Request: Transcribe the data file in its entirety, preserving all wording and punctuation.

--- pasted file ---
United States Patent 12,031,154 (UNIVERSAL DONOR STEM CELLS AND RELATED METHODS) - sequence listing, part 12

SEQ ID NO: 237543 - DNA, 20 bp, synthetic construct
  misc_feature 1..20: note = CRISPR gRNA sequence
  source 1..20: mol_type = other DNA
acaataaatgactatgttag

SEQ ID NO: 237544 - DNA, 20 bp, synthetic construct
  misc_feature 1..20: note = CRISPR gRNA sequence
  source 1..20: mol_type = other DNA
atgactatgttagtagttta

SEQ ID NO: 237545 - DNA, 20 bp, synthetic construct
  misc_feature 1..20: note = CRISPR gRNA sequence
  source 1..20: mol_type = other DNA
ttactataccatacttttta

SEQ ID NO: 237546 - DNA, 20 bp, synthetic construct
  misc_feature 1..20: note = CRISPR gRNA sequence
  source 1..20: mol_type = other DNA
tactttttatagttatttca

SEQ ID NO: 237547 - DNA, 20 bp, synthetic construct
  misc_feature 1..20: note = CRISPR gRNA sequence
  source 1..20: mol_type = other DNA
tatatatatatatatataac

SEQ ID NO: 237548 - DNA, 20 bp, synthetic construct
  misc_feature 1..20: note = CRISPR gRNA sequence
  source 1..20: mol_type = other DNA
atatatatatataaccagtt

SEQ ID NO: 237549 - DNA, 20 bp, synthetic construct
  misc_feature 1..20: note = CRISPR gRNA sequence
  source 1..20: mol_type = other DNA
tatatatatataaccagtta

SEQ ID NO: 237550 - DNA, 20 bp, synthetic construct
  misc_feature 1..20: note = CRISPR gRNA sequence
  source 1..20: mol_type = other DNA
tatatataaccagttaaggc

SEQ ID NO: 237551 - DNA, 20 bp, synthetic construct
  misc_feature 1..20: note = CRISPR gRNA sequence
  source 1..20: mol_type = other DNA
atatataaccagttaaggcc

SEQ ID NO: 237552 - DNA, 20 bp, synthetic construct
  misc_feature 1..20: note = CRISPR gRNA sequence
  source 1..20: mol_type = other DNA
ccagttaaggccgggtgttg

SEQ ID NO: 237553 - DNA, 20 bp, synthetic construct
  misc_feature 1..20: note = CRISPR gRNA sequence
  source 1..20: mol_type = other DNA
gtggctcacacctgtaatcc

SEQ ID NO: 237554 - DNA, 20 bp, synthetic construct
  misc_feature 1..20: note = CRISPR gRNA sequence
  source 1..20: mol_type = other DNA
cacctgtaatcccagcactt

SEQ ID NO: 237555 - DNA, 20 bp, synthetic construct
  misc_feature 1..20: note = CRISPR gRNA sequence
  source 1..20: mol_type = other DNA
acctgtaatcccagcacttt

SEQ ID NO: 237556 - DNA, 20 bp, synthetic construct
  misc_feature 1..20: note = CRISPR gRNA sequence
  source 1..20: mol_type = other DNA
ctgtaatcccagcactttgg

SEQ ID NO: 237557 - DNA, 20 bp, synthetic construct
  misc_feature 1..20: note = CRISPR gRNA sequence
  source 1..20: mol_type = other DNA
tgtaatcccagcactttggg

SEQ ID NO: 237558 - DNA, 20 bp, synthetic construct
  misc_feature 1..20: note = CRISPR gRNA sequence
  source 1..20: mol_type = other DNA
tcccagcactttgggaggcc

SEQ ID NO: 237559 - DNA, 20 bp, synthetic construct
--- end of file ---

United States Patent 12,031,154 (UNIVERSAL DONOR STEM CELLS AND RELATED METHODS) - sequence listing, part 12

SEQ ID NO: 237543 - DNA, 20 bp, synthetic construct
  misc_feature 1..20: note = CRISPR gRNA sequence
  source 1..20: mol_type = other DNA
acaataaatgactatgttag

SEQ ID NO: 237544 - DNA, 20 bp, synthetic construct
  misc_feature 1..20: note = CRISPR gRNA sequence
  source 1..20: mol_type = other DNA
atgactatgttagtagttta

SEQ ID NO: 237545 - DNA, 20 bp, synthetic construct
  misc_feature 1..20: note = CRISPR gRNA sequence
  source 1..20: mol_type = other DNA
ttactataccatacttttta

SEQ ID NO: 237546 - DNA, 20 bp, synthetic construct
  misc_feature 1..20: note = CRISPR gRNA sequence
  source 1..20: mol_type = other DNA
tactttttatagttatttca

SEQ ID NO: 237547 - DNA, 20 bp, synthetic construct
  misc_feature 1..20: note = CRISPR gRNA sequence
  source 1..20: mol_type = other DNA
tatatatatatatatataac

SEQ ID NO: 237548 - DNA, 20 bp, synthetic construct
  misc_feature 1..20: note = CRISPR gRNA sequence
  source 1..20: mol_type = other DNA
atatatatatataaccagtt

SEQ ID NO: 237549 - DNA, 20 bp, synthetic construct
  misc_feature 1..20: note = CRISPR gRNA sequence
  source 1..20: mol_type = other DNA
tatatatatataaccagtta

SEQ ID NO: 237550 - DNA, 20 bp, synthetic construct
  misc_feature 1..20: note = CRISPR gRNA sequence
  source 1..20: mol_type = other DNA
tatatataaccagttaaggc

SEQ ID NO: 237551 - DNA, 20 bp, synthetic construct
  misc_feature 1..20: note = CRISPR gRNA sequence
  source 1..20: mol_type = other DNA
atatataaccagttaaggcc

SEQ ID NO: 237552 - DNA, 20 bp, synthetic construct
  misc_feature 1..20: note = CRISPR gRNA sequence
  source 1..20: mol_type = other DNA
ccagttaaggccgggtgttg

SEQ ID NO: 237553 - DNA, 20 bp, synthetic construct
  misc_feature 1..20: note = CRISPR gRNA sequence
  source 1..20: mol_type = other DNA
gtggctcacacctgtaatcc

SEQ ID NO: 237554 - DNA, 20 bp, synthetic construct
  misc_feature 1..20: note = CRISPR gRNA sequence
  source 1..20: mol_type = other DNA
cacctgtaatcccagcactt

SEQ ID NO: 237555 - DNA, 20 bp, synthetic construct
  misc_feature 1..20: note = CRISPR gRNA sequence
  source 1..20: mol_type = other DNA
acctgtaatcccagcacttt

SEQ ID NO: 237556 - DNA, 20 bp, synthetic construct
  misc_feature 1..20: note = CRISPR gRNA sequence
  source 1..20: mol_type = other DNA
ctgtaatcccagcactttgg

SEQ ID NO: 237557 - DNA, 20 bp, synthetic construct
  misc_feature 1..20: note = CRISPR gRNA sequence
  source 1..20: mol_type = other DNA
tgtaatcccagcactttggg

SEQ ID NO: 237558 - DNA, 20 bp, synthetic construct
  misc_feature 1..20: note = CRISPR gRNA sequence
  source 1..20: mol_type = other DNA
tcccagcactttgggaggcc

SEQ ID NO: 237559 - DNA, 20 bp, synthetic construct